NCDOT taking steps to 'reassess' Cintra contract after TX road bankruptcy

Published: Mar. 3, 2016 at 2:29 AM EST|Updated: Mar. 3, 2016 at 3:47 AM EST
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RALEIGH, NC (WBTV) - The North Carolina Department of Transportation said it is reassessing its contract with the company contracted to build toll lanes along I-77 after another road the company operates declared bankruptcy.

A subsidiary of Cintra, the Spanish-owned company that holds the I-77 contract, declared bankruptcy today on a road it operates in Texas. SH 130, which runs between Austin and San Antonio, was the subject of an On Your Side Investigation in February highlighting Cintra's questionable business model.

ARTICLE: Toll Road Troubles: Politicians, experts point to Cintra's history as cautionary tale for NC

This is the second road operated by a Cintra subsidiary to declare bankruptcy in the past 18 months. In a short press release announcing McCrory's decision, NCDOT underscored Cintra's business model, which lawmakers in other states have warned against.

"Late today, we were notified of the bankruptcy filing in Texas. The governor has directed us to immediately review every available option – both legal and financial - to reassess the I-77 Mobility Partner's business model and current contract," the statement read.

NCDOT officials reiterated Wednesday night that North Carolina taxpayers are protected from financial liability in the I-77 project but the contract between Cintra and NCDOT calls for taxpayers to assume a portion of the company's debt in the event the road did not generate projected revenues.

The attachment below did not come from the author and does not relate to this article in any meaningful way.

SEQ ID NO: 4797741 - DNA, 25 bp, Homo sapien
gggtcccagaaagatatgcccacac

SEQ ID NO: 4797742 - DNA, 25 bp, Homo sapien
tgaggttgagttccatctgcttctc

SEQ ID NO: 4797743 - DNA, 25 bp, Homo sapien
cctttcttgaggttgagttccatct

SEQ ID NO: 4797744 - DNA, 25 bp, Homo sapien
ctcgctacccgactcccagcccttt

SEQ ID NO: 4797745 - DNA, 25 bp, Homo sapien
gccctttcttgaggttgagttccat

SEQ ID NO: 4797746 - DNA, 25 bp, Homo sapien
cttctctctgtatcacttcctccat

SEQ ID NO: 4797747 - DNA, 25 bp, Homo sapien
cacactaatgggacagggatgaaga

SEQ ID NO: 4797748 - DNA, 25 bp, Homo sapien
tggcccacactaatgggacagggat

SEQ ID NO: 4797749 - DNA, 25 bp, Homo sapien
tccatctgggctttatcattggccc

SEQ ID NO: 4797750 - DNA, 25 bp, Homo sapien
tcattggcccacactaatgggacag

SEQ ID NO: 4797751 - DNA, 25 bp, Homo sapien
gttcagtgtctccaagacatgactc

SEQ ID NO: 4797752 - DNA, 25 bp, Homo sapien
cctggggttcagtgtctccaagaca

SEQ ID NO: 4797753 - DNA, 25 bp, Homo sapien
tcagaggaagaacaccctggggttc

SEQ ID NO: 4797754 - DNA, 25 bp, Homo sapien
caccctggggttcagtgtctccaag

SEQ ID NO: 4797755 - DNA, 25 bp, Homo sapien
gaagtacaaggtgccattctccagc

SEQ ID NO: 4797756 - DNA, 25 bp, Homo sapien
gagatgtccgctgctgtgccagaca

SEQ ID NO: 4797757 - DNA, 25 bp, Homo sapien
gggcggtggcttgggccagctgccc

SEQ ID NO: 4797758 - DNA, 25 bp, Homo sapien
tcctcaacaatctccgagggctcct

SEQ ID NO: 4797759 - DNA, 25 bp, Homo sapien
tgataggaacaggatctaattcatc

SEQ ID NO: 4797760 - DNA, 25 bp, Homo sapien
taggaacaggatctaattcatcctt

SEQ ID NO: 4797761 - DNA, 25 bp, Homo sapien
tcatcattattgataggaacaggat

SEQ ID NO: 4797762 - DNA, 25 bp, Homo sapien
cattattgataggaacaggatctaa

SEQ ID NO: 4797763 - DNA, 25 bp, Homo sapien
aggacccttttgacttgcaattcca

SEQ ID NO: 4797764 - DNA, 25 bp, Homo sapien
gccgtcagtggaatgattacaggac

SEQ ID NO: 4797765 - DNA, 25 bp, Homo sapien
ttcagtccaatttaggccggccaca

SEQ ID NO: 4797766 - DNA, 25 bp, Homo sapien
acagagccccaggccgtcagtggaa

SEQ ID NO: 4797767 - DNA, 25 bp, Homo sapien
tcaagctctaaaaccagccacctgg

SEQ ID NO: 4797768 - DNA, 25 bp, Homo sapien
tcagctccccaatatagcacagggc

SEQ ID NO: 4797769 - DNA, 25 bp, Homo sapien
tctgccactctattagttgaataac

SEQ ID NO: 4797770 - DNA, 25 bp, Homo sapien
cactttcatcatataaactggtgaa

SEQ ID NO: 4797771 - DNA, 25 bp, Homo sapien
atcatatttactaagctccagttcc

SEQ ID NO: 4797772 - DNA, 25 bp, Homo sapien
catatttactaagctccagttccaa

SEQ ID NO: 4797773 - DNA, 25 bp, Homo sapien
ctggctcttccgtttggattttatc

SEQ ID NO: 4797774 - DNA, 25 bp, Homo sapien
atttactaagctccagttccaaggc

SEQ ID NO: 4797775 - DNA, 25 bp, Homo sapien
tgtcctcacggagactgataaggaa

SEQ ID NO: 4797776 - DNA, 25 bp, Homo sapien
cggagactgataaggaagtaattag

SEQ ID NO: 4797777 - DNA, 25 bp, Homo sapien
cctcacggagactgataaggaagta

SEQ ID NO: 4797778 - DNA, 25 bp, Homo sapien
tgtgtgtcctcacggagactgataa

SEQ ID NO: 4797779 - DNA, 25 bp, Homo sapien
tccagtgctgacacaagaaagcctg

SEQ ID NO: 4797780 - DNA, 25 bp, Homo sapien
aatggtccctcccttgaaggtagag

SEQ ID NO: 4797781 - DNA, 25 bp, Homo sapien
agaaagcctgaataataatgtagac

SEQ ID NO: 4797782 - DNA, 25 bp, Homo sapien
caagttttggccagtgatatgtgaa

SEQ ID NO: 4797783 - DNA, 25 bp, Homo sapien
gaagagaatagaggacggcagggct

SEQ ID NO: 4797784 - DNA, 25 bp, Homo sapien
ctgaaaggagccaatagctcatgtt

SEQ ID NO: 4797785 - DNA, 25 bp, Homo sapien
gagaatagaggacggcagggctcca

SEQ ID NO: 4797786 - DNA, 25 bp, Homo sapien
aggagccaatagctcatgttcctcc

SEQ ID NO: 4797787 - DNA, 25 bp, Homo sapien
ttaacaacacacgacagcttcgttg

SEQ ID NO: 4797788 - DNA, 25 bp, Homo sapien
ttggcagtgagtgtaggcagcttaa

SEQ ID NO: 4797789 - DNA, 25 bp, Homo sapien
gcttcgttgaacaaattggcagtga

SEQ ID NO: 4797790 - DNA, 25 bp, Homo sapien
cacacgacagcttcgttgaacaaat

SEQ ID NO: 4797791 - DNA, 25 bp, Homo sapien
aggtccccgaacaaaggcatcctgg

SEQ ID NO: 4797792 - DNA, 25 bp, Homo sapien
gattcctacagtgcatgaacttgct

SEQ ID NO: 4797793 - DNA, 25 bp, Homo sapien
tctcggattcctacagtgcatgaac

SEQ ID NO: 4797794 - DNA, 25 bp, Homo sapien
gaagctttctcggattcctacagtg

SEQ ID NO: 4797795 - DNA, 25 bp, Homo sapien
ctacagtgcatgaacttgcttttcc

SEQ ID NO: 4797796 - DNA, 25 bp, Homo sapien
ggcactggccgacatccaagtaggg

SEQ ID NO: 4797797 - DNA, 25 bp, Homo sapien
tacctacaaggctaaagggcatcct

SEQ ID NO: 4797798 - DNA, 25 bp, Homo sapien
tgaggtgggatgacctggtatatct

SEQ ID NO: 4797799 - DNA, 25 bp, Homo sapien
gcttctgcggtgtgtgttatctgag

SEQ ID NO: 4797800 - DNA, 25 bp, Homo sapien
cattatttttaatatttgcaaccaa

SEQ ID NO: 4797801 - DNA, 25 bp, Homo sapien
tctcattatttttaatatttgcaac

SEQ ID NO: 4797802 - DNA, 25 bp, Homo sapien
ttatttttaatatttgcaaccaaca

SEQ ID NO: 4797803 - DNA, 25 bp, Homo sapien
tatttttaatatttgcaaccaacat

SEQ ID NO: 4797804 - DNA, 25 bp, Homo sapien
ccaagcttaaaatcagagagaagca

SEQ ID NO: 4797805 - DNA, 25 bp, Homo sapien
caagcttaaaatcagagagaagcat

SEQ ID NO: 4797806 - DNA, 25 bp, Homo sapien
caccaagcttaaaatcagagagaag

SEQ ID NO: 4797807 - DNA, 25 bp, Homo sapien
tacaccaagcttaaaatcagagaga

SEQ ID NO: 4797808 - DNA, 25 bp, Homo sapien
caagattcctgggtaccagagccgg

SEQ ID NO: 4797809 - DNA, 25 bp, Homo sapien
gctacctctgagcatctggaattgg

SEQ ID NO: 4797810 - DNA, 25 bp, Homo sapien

Mecklenburg County Commissioner Jim Puckett, a long-time opponent of the toll lanes, said tonight's announcement from NCDOT was welcomed news.

"I'm glad to hear that both (Governor McCrory) and, I hope, the Attorney General, are taking a look at this and that he will find a reason to cancel, for cause, and get out of this disastrous plan," Puckett said.

Puckett added that Wednesday's bankruptcy in Texas put NCDOT and proponents of the I-77 toll lanes in a tight spot going forward.

"At the end of the day, I think what you have is this is an embarrassment. we've had local people go to Texas to come back and say this works," Puckett said. "NCDOT has used Texas as the poster child as why this is great financially and from a program perspective and so now it really blows up in their face and they are faced with 'I told you so' if they don't get out and this happens to us."

In a statement issued late Wednesday night in response to NCDOT's announcement, a Cintra spokeswoman said the Texas subsidiary's bankruptcy will have no impact on the I-77 toll lanes project, operated by a separate subsidiary.

"Today's filing by the SH 130 Concession Company has no financial impact on I-77 Mobility Partners LLC, or the construction and operation of the I-77 Express Lanes," spokeswoman Jean Leier said. "While Cintra is an equity sponsor of both projects, each project maintains a separate financial structure.  This matter has not impacted our construction schedule and we look forward to continuing our work here in North Carolina."

In a separate release sent by the Cintra subsidiary that operated SH 130 in Texas, the company pointed out that no taxpayer money was used to build that road and taxpayers bear no financial responsibility as a result of the bankruptcy.

"The filing will have no financial impact on the state of Texas," said Alfonso Orol, CEO of SH 130 Concession Co., Cintra's subsidiary. "It's business as usual for our customers, employees, vendors, and surrounding communities during these proceedings."


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